Effects of Lexical and Somatosensory Feedback on Long-Term Improvements in Intelligibility of Dysarthric Speech Purpose Intelligibility improvements immediately following perceptual training with dysarthric speech using lexical feedback are comparable to those observed when training uses somatosensory feedback (Borrie & Schäfer, 2015). In this study, we investigated if these lexical and somatosensory guided improvements in listener intelligibility of dysarthric speech remain comparable and stable over ... Research Article
Newly Published
Research Article  |   July 06, 2017
Effects of Lexical and Somatosensory Feedback on Long-Term Improvements in Intelligibility of Dysarthric Speech
 
Author Affiliations & Notes
  • Stephanie A. Borrie
    Department of Communicative Disorders and Deaf Education, Utah State University, Logan
  • Martina C. M. Schäfer
    New Zealand Institute of Language, Brain and Behaviour, University of Canterbury, Christchurch
  • Disclosure: The authors have declared that no competing interests existed at the time of publication.
    Disclosure: The authors have declared that no competing interests existed at the time of publication. ×
  • Correspondence to Stephanie A. Borrie: stephanie.borrie@usu.edu
  • Editor: Krista Wilkinson
    Editor: Krista Wilkinson×
  • Associate Editor: Kate Bunton
    Associate Editor: Kate Bunton×
Article Information
Speech, Voice & Prosodic Disorders / Dysarthria / Newly Published / Research Article
Research Article   |   July 06, 2017
Effects of Lexical and Somatosensory Feedback on Long-Term Improvements in Intelligibility of Dysarthric Speech
Journal of Speech, Language, and Hearing Research, Newly Published. doi:10.1044/2017_JSLHR-S-16-0411
History: Received October 29, 2016 , Revised January 20, 2017 , Accepted February 9, 2017
 
Journal of Speech, Language, and Hearing Research, Newly Published. doi:10.1044/2017_JSLHR-S-16-0411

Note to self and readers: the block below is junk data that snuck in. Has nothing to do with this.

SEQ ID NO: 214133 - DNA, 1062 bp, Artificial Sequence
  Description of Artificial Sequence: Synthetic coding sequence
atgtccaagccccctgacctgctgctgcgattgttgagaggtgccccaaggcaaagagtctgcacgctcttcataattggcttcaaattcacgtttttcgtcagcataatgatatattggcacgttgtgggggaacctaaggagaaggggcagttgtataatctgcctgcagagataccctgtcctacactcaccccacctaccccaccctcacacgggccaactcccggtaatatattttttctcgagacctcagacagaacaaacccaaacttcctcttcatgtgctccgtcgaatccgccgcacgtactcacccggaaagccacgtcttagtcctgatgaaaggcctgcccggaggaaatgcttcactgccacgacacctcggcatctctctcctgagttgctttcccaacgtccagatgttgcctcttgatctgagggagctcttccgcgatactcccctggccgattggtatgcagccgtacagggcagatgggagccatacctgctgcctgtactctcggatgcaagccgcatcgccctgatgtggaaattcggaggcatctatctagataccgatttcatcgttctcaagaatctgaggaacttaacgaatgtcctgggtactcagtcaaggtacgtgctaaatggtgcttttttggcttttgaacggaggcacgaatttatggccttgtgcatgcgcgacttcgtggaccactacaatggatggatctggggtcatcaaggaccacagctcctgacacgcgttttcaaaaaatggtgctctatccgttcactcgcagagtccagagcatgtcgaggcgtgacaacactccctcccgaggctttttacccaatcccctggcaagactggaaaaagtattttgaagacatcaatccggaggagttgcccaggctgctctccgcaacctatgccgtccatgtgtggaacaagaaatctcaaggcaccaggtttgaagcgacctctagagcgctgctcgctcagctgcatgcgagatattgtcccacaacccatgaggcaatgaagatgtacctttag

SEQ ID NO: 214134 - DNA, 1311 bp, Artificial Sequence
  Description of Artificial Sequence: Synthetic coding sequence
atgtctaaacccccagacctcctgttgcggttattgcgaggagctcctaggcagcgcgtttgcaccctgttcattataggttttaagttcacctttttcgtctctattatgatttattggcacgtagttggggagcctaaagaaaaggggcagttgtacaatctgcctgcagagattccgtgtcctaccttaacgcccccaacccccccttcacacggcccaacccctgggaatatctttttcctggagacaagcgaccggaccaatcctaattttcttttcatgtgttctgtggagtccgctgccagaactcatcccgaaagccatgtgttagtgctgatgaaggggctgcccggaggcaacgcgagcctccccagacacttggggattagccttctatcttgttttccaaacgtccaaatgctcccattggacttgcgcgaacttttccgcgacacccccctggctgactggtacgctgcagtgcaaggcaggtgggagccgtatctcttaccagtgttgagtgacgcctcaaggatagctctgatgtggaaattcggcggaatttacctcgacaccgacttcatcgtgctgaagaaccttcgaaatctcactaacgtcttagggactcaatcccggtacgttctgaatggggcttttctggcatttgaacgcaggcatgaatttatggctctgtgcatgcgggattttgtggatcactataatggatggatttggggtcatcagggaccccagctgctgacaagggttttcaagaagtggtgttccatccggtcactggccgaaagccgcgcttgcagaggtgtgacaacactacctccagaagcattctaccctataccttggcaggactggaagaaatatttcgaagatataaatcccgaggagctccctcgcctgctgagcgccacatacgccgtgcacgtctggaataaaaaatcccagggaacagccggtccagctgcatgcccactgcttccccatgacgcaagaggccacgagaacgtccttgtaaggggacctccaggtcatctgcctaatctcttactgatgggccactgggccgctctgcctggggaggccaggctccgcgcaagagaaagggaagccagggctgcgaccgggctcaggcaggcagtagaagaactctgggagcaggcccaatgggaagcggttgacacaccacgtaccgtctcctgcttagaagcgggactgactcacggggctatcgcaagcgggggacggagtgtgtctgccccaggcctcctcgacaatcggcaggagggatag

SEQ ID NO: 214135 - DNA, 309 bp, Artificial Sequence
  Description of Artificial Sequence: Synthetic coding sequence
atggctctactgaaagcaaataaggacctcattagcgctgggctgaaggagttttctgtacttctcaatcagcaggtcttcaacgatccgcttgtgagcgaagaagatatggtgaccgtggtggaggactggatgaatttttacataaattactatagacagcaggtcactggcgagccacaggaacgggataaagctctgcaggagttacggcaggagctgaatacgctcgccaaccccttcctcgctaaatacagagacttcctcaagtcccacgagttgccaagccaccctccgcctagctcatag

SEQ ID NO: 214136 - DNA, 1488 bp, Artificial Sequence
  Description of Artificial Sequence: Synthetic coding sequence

History: Received October 29, 2016; Revised January 20, 2017; Accepted February 9, 2017

Purpose Intelligibility improvements immediately following perceptual training with dysarthric speech using lexical feedback are comparable to those observed when training uses somatosensory feedback (Borrie & Schäfer, 2015). In this study, we investigated if these lexical and somatosensory guided improvements in listener intelligibility of dysarthric speech remain comparable and stable over the course of 1 month.

Method Following an intelligibility pretest, 60 participants were trained with dysarthric speech stimuli under one of three conditions: lexical feedback, somatosensory feedback, or no training (control). Participants then completed a series of intelligibility posttests, which took place immediately (immediate posttest), 1 week (1-week posttest) following training, and 1 month (1-month posttest) following training.

Results As per our previous study, intelligibility improvements at immediate posttest were equivalent between lexical and somatosensory feedback conditions. Condition differences, however, emerged over time. Improvements guided by lexical feedback deteriorated over the month whereas those guided by somatosensory feedback remained robust.

Conclusions Somatosensory feedback, internally generated by vocal imitation, may be required to affect long-term perceptual gain in processing dysarthric speech. Findings are discussed in relation to underlying learning mechanisms and offer insight into how externally and internally generated feedback may differentially affect perceptual learning of disordered speech.

Acknowledgments
We gratefully acknowledge Michelle Parker and Ashley Hurst, research assistants in the Human Interaction Lab at Utah State University, for assistance with data collection and transcript analysis. We also acknowledge Tyson Barret from the Utah State University Statistical Consulting Studio for providing statistical input.
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